The ports of Le Havre, Rouen and Paris, which had been working together since 2012 under the banner of Haropa Port, have officially merged from June and have announced infrastructure investments.
The three ports had been in a ‘Groupement d’intérêt économique’ since 2012, an agreement to cooperate and pool some resources, but they have now officially merged with a single governance and budget.
The French government has contributed €1.45 billion ($1.76 billion) for the years 2021-2027 to help fund development projects.
“Haropa Port will give us a higher profile in Europe’s competitive environment and provide a preferential location for new industrial operations generating new jobs,” said CEO Stéphane Raison. “This high level of ambition is founded on winning back market share by offering a benchmark port and logistics system to serve customers and partners in France and overseas.”
The port of Le Havre can currently handle around 350,000 vehicles per year, and a large part of the improvement works will be to expand this capacity and add storage space.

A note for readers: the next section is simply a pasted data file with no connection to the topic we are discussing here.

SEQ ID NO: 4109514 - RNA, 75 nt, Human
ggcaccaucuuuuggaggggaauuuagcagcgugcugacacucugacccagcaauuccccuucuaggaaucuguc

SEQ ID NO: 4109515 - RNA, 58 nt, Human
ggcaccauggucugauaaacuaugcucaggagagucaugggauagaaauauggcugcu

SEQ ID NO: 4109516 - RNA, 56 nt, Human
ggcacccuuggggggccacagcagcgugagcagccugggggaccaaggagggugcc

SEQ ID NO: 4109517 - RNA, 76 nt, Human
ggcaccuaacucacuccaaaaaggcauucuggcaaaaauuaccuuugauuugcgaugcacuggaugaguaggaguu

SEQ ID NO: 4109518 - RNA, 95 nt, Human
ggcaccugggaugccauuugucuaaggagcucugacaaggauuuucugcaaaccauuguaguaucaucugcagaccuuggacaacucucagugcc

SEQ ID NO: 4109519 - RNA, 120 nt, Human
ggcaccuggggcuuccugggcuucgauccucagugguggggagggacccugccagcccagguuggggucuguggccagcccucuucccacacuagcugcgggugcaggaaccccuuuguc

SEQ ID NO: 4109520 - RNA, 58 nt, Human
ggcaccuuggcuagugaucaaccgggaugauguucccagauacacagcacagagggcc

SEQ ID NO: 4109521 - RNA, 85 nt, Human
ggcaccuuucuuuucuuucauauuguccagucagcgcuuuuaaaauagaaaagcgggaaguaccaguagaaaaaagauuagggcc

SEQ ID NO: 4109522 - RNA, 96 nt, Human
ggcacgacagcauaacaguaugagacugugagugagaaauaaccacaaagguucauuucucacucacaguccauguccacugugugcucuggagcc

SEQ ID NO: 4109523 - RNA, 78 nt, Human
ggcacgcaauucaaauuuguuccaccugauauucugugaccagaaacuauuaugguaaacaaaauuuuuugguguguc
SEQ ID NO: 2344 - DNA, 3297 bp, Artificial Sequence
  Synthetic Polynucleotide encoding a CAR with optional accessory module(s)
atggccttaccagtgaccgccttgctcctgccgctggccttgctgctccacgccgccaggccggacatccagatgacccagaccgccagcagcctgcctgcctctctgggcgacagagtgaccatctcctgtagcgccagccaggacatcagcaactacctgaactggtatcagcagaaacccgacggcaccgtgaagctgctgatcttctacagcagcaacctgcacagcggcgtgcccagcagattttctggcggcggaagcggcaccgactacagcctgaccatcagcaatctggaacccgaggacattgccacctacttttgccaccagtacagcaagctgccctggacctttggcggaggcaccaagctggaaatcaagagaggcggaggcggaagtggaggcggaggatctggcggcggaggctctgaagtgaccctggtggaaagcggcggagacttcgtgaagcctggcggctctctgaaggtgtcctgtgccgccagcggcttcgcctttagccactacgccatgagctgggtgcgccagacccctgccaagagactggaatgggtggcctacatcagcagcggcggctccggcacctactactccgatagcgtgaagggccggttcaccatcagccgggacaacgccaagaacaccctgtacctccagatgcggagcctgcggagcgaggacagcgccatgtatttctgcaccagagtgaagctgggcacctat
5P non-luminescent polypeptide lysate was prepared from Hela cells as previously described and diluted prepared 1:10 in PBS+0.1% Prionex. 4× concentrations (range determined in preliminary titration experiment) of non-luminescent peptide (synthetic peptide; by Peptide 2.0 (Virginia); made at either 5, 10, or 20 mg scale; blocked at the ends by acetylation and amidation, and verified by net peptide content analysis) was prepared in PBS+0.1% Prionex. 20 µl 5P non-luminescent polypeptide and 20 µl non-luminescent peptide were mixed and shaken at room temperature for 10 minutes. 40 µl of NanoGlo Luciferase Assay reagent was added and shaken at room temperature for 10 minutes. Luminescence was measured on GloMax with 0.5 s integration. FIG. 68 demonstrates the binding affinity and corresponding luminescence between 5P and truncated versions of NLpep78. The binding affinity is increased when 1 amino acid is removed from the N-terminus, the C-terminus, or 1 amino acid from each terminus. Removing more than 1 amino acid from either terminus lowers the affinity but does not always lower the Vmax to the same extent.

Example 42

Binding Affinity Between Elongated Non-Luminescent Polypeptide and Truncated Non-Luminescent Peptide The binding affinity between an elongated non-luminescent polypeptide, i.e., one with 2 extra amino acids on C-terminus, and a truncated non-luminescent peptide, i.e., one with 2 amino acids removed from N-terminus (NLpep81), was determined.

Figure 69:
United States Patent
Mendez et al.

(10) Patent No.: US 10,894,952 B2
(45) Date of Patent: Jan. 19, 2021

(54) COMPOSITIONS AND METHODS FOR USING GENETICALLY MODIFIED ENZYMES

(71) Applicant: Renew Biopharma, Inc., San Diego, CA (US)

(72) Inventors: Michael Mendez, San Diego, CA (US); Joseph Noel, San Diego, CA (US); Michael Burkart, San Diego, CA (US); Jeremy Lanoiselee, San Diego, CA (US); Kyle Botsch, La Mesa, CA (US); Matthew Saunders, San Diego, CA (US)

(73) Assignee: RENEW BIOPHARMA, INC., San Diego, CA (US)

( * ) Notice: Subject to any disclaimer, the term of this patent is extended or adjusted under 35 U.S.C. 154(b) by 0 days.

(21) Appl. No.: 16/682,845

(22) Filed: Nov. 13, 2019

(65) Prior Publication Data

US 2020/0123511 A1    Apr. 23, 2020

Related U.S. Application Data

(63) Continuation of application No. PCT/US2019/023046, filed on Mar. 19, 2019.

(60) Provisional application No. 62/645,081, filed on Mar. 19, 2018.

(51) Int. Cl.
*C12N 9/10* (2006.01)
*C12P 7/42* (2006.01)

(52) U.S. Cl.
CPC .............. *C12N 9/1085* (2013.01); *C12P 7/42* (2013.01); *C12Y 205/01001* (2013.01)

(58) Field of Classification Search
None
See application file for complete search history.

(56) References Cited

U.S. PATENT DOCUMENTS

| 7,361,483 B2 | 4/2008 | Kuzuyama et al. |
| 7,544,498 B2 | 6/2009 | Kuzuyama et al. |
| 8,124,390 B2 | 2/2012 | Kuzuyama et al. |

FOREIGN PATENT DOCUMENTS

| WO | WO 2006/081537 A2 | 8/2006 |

According to Raison, two thirds of the vehicles Haropa handles currently are imported, but because of the increase in hybrid vehicles produced outside of France, this proportion will increase, necessitating expansion.
He explained: “For imports, waiting times are longer than for exports [because of] value-added processes, leading to a need to rationalise parking areas and ensure greater fluidity for movement around the terminal. [This] means that extra space is a necessity because our ambition is to process a flow of more than 400,000 vehicles per year by 2025.”
To accommodate this growth and change in focus, Haropa is planning to extend vehicle storage capacity from the current 56,000 vehicles to 80,000 by 2027 by reorganising the current storage, and taking 43 additional hectares around the existing terminal.
In addition, between now and 2023 it will install photovoltaic panels over the parking areas to both protect the vehicles underneath and help the port to produce its own energy to charge the increasing number of electric and hybrid vehicles. It also plans to install optical fibre and a 5G network.